The Most Dangerous Game by Richard Connell


  • Title: The Most Dangerous Game
  • Written By: Richard Connell
  • Published On: January 19, 1924
  • First Published In: Collier’s magazine
  • Also Published As: The Hounds of Zaroff
  • Awards: O. Henry Award 1924

“The Most Dangerous Game” is a classic short story written by Richard Connell. It tells the story of Sanger Rainsford, a big game hunter who finds himself stranded in the Caribbean on the desolate Ship Trap Island. There he squares off against the ruthless General Zaroff, a madman who hunts human beings on his private island.

This tale of survival and hunting is an early forerunner for many novels and movies that came later: The Running Man by Stephen King, The Hunger Games by Suzanne Collins, Rollerball starring James Caan, and The Grounding of Group 6 by Julian F Thompson.

The story was adapted into the 1932 movie of the same name directed by Ernest B. Schoedsack and starring Joel McCrea, Fay Wray and Leslie Banks, and again in 2022 by director Justin Lee.

In 1943, Orson Welles adapted it for the radio show Suspense.

“The Most Dangerous Game” has been called the most popular short story ever written in English. While this may be a stretch, it is certainly one of the most widely read and often anthologized tales in literary history.

Who Was Richard Connell?

  • Born: October 17, 1893
  • Died: November 22, 1949 (Aged 56)
  • Best Known For: The Most Dangerous Game

Richard Connell was a fiction writer and journalist. His short stories, like The Most Dangerous Game, were regularly published in The Saturday Evening Post and Collier’s magazine. He also enjoyed success as a screenwriter.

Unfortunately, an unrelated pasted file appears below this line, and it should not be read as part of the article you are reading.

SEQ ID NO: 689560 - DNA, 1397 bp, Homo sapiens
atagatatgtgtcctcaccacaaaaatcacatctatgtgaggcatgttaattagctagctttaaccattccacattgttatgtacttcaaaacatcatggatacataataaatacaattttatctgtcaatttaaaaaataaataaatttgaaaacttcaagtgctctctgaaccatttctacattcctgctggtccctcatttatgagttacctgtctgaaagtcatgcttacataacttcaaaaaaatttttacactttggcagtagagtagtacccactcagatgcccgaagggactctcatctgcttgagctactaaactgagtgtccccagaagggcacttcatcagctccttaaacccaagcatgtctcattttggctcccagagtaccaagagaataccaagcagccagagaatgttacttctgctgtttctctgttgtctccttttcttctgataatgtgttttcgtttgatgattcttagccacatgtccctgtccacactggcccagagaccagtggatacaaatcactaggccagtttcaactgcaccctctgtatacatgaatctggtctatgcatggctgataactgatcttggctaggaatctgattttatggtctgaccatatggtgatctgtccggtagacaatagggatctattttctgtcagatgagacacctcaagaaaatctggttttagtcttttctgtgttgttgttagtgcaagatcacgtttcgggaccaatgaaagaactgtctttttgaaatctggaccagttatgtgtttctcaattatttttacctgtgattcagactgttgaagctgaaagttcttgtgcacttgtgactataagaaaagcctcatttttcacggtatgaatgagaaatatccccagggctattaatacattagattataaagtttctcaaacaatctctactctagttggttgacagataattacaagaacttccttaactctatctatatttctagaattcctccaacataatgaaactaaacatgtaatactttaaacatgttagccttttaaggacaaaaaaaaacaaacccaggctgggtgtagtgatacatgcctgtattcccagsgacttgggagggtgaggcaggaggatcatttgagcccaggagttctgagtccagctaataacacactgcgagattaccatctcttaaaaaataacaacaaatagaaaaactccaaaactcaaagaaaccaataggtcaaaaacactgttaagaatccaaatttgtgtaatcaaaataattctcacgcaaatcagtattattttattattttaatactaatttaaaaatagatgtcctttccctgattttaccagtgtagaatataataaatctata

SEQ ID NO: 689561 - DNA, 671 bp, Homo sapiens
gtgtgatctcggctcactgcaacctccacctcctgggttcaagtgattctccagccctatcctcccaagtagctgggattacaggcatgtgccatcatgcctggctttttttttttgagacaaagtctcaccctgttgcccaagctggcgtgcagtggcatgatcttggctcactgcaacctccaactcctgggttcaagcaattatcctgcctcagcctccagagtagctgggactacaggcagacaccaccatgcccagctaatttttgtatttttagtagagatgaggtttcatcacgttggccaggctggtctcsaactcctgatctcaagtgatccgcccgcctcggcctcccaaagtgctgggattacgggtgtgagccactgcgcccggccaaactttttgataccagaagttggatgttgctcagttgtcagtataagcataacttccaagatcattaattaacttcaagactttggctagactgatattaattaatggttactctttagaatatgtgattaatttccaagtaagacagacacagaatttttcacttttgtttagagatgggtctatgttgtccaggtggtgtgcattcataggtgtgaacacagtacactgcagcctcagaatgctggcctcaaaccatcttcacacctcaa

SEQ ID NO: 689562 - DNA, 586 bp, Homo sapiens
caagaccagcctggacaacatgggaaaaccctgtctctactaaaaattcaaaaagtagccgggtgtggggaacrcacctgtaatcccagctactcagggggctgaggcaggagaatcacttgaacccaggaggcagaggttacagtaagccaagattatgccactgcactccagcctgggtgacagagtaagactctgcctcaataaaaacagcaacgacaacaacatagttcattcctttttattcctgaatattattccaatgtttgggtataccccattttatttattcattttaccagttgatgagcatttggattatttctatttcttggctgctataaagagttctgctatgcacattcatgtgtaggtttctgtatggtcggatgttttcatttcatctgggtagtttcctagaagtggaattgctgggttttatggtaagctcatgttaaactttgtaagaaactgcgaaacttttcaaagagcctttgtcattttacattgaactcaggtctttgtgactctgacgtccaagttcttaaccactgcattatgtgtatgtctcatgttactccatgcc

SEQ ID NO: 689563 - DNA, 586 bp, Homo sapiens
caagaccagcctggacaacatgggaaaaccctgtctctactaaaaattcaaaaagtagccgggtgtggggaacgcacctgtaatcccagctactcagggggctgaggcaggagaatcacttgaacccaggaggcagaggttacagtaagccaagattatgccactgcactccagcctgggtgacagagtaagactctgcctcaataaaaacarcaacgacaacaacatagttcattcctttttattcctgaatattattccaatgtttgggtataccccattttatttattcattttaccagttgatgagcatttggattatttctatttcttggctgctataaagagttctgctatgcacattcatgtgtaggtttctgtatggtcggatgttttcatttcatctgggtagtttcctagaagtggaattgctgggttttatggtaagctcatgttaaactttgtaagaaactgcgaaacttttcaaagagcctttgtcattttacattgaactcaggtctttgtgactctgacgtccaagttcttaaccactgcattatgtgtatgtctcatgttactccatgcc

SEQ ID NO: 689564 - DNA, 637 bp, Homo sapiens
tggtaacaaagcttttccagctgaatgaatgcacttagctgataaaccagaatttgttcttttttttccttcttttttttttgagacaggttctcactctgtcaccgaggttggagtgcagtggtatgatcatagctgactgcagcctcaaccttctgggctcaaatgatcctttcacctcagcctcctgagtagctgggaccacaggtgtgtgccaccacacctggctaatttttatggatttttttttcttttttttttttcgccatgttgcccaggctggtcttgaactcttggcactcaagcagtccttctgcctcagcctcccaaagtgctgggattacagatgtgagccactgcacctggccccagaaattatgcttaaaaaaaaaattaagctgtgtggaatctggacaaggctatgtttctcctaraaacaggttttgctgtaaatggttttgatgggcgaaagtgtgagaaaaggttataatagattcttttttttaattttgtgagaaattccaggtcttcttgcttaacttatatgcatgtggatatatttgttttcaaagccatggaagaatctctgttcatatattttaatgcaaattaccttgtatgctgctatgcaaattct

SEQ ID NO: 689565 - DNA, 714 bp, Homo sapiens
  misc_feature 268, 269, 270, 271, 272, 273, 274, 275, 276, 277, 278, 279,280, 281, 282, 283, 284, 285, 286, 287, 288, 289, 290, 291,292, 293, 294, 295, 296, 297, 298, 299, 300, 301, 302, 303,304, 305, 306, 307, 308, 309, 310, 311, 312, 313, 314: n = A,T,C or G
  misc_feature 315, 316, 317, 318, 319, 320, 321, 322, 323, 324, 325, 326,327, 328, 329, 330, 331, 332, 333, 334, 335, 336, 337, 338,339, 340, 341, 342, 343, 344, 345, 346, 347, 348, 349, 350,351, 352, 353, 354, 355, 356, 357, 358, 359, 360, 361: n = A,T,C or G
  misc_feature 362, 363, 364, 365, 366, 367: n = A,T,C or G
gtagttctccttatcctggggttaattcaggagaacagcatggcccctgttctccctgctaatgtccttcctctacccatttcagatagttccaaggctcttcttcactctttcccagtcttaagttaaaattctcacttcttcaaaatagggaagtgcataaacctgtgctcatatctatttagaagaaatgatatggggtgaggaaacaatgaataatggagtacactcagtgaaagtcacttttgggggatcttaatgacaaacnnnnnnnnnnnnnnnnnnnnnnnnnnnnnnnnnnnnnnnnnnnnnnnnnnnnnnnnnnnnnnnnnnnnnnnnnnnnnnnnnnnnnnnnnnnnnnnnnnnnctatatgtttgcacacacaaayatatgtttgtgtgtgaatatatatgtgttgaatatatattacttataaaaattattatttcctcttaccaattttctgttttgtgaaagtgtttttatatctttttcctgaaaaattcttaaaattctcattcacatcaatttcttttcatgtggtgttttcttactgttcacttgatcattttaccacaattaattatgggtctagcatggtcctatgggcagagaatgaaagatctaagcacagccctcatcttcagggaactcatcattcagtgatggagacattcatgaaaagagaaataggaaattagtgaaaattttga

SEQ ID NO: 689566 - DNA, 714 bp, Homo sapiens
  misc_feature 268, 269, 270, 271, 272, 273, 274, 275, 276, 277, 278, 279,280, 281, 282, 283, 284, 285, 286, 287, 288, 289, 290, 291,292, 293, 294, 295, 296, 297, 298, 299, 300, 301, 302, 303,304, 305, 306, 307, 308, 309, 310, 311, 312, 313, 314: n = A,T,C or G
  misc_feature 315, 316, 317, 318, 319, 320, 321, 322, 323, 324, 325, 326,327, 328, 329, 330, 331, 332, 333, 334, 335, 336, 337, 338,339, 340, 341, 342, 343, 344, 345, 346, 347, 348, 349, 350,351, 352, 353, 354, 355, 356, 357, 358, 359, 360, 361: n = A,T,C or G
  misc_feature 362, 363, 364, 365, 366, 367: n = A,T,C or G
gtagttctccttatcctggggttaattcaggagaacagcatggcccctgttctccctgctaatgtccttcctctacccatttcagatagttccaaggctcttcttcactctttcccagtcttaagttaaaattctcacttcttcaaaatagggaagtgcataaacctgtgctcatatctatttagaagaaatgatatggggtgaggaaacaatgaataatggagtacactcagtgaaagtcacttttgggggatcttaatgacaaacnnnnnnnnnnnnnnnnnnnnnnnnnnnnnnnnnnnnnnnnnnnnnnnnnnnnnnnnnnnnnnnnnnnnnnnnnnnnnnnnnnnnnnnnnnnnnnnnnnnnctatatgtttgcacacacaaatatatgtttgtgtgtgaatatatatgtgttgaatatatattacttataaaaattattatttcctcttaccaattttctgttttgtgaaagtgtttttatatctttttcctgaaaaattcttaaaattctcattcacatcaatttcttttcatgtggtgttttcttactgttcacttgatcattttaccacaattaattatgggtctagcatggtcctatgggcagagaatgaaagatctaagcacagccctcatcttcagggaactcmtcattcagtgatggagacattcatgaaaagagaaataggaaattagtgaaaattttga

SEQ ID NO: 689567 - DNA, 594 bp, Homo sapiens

Connell won an O. Henry Award for his short story The Most Dangerous Game in 1924. He earned an Academy Award for his screenplay Meet John Doe (based on his short story A Reputation) in 1941.

Connell produced four novels (The Mad Lover, Murder at Sea, Playboy, and What Ho!) and four short story collections (The Sin of Monsieur Pettipon and Other Humorous Tales, Apes and Angels, Variety and Ironies).


Why Read The Most Dangerous Game?

The Most Dangerous Game is not simply a great short story, it is the forerunner of some of the most popular fiction of the 20th and 21st Centuries. Everyone from Stephen King to Suzanne Collins has been inspired by this tale, and it still resonates today.

Is the world really just broken down between the hunters and the hunted? Is it really all about survival of the fittest? Or is there more to humanity than the law of the jungle?

These questions still haunt us today, and few stories have ever explored them so effectively.

What is the theme of The Most Dangerous Game?